Sunday 26 September 2021

The Importance of GMP Labels

                                 Image: TGA at

Proper labeling, especially in the pharmaceutical world, is crucial. It is important that both consumers, as well as medical professionals, understand exactly which ingredients are included in drugs, as well as the proper form of administration. While this may seem obvious due to advances in technology and clear labeling guidelines, accurate and appropriate labeling wasn’t always available. When it comes to purchasing and consuming pharmaceutical drugs now, products must include a clear GMP label that includes all necessary information.

What is GMP?

GMP stands for Good Manufacturing Practice. GMP is a system that ensures the consistent production and control of consumer goods according to set quality standards. These standards are created and enforced to minimize the risks involved in the production and administration of any and all pharmaceuticals.

The U.S. Food and Drug Administration requires manufacturers, processors, and packagers of drugs, medical devices, and other products to take proactive steps to ensure that their products are safe, pure, and effective for consumer use. This protects consumers from purchasing a product that is not effective, or worse, potentially dangerous. The GMP is an enforced measurement, and companies that fail to comply could see a recall of their products and a seizure of their manufacturing, as well as suffer fines and jail time. Ultimately, the GMP was created to provide peace of mind for manufacturers, prescribers, and consumers alike, brought forth by extensive testing, consistent manufacturing, and clear labeling of a variety of packaged materials.

History of GMP

Establishing the GMP took considerable time and effort from both lawmakers and businesses alike. The GMP was developed largely due to incidents and tragedies that highlighted the need for consistent and systematic regulation. There are a few key regulations and acts that have set the legal standards we now adhere to today. These include:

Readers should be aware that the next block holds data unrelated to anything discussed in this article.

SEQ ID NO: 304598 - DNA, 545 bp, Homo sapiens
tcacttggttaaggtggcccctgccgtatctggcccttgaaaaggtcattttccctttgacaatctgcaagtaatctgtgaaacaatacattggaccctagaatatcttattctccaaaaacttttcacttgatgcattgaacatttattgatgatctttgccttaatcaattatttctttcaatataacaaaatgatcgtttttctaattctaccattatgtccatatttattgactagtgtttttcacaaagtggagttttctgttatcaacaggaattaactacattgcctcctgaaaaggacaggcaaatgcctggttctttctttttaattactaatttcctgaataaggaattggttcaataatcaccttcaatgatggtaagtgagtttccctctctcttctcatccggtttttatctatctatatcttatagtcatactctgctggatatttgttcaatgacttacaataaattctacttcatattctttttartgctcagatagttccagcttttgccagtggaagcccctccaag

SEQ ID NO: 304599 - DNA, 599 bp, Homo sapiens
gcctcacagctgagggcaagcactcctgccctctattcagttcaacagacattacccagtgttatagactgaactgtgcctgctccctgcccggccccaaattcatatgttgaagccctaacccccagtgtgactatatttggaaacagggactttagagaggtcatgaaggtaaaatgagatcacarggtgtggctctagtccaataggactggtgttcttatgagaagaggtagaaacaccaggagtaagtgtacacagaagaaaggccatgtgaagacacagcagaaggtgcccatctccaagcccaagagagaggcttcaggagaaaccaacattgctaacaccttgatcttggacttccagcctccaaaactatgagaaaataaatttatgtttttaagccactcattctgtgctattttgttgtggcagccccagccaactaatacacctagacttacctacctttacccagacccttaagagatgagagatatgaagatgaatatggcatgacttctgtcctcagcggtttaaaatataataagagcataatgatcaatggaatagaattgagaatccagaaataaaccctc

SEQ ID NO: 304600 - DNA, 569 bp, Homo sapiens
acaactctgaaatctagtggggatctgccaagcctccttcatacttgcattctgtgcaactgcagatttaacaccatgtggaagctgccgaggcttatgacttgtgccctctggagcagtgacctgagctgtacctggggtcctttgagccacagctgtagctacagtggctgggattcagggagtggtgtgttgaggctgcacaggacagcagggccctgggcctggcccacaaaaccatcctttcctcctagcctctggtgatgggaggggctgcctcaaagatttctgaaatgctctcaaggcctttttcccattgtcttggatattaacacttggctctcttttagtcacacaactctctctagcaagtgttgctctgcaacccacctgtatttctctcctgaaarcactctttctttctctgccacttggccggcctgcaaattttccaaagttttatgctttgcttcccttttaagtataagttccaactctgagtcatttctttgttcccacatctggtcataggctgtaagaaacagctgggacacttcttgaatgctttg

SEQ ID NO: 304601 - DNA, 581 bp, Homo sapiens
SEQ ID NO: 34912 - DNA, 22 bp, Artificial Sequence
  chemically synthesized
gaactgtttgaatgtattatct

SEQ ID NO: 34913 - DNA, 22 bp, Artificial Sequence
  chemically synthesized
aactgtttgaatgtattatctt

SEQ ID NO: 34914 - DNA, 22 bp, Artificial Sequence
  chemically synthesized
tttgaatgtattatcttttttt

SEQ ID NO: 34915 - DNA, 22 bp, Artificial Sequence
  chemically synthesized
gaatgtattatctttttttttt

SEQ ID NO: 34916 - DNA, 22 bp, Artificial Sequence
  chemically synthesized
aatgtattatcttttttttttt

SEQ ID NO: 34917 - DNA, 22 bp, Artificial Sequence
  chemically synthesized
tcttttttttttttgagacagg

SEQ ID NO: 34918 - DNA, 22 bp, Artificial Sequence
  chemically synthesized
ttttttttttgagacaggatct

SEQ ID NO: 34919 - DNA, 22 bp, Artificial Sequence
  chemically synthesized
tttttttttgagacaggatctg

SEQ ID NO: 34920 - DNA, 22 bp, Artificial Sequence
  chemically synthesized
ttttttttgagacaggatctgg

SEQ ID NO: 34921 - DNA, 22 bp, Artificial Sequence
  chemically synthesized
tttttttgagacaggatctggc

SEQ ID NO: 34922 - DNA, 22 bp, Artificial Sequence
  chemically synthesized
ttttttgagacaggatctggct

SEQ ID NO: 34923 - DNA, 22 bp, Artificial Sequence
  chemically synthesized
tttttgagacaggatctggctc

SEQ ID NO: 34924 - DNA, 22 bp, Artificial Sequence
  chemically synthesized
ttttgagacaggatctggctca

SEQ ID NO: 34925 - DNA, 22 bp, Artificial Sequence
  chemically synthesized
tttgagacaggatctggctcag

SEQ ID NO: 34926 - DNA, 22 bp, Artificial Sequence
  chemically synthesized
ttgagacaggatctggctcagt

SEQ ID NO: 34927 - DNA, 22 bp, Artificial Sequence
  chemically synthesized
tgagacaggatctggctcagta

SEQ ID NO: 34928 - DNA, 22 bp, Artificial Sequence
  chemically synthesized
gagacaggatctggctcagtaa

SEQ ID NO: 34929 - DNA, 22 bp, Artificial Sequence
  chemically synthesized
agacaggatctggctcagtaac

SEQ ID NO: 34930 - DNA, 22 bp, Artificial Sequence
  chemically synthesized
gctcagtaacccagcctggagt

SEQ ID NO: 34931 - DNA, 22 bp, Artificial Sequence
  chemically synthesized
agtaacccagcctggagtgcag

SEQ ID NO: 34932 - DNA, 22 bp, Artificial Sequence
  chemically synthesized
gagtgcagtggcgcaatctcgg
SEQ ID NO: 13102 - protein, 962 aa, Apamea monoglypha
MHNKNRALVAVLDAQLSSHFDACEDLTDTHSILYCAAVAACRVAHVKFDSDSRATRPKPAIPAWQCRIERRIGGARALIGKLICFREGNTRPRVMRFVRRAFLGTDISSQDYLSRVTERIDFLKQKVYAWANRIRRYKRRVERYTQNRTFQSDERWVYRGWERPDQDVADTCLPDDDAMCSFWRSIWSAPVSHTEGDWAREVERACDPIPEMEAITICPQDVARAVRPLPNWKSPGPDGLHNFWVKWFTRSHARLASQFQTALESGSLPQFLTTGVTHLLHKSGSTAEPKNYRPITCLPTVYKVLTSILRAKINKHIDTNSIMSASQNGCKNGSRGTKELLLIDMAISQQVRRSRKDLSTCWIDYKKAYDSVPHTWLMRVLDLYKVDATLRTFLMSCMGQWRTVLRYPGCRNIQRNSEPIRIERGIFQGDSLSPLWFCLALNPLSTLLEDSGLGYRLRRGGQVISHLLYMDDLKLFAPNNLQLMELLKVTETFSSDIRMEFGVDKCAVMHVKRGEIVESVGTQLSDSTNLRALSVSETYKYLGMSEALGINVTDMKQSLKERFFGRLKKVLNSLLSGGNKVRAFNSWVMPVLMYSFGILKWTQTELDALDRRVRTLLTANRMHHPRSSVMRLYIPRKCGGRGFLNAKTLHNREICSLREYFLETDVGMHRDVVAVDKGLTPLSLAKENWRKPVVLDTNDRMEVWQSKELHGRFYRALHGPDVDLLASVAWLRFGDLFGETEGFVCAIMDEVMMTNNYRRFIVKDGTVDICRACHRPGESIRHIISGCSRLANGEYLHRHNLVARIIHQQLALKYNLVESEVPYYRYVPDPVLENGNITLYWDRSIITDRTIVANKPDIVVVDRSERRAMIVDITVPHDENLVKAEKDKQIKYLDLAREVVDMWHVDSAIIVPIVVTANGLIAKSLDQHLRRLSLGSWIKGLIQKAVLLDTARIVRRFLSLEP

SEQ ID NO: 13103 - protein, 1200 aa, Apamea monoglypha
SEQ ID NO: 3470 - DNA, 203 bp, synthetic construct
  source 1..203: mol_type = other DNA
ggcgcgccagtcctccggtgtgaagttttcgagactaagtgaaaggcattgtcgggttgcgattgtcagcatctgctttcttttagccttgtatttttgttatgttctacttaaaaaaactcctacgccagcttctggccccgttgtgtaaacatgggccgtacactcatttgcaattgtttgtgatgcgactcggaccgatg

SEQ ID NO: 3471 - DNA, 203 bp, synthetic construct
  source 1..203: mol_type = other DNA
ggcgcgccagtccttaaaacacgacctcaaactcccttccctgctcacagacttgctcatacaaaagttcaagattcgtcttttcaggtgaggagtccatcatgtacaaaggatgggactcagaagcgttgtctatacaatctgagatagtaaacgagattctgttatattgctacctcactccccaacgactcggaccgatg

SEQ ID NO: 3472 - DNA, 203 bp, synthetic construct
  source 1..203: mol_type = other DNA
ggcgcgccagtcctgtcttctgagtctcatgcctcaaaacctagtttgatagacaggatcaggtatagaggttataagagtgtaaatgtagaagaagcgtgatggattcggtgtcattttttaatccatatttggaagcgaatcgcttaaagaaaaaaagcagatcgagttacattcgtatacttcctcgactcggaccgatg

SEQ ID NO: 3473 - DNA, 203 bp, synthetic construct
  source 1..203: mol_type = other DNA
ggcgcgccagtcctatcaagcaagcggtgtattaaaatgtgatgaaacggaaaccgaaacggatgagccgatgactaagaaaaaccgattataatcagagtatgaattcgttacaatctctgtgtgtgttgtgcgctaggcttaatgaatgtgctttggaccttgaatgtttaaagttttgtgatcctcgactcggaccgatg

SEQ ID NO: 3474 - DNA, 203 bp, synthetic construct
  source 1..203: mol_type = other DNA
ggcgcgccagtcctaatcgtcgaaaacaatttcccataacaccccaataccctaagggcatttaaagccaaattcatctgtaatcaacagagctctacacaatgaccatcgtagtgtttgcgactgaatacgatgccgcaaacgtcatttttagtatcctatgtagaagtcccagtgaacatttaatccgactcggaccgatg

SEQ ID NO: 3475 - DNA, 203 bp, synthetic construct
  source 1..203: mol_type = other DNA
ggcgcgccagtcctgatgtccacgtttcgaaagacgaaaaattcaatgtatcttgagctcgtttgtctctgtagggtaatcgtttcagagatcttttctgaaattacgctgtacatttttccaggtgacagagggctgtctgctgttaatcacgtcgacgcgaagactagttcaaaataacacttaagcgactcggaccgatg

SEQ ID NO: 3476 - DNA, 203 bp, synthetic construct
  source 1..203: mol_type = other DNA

The Pure Food and Drug Act of 1906

At the beginning of the 20th century, there were no federal regulations. This meant that there was no secure protection for the public against potentially dangerous products. The technology at the time was also much more primitive, meaning we lacked the means to carry out and enforce detailed testing of not only products but also the effects they had on the body and mind.


At this point in history, ice was still the main source of refrigeration, milk was unpasteurized, chemical preservatives were uncontrolled, and medicines included harmful drugs. Medicines often contained drugs such as opium, morphine, heroin, and cocaine. There were no restrictions relative to the use of these dangerous and potentially deadly drugs, and often labels didn’t even acknowledge or admit to their presence within a drug.

At this time, there was no way to know what you were consuming, and this was true for both patients and medical professionals. The Pure Food and Drug Act occurred in response to the book “The Jungle,” written by Upton Sinclair, that revealed the horrors of the meatpacking industry.

As the public became aware of the real risks associated with having no regulations, the Pure Food and Drug Act of 1906 established stricter guidelines when it came to the production and distribution of food and drugs.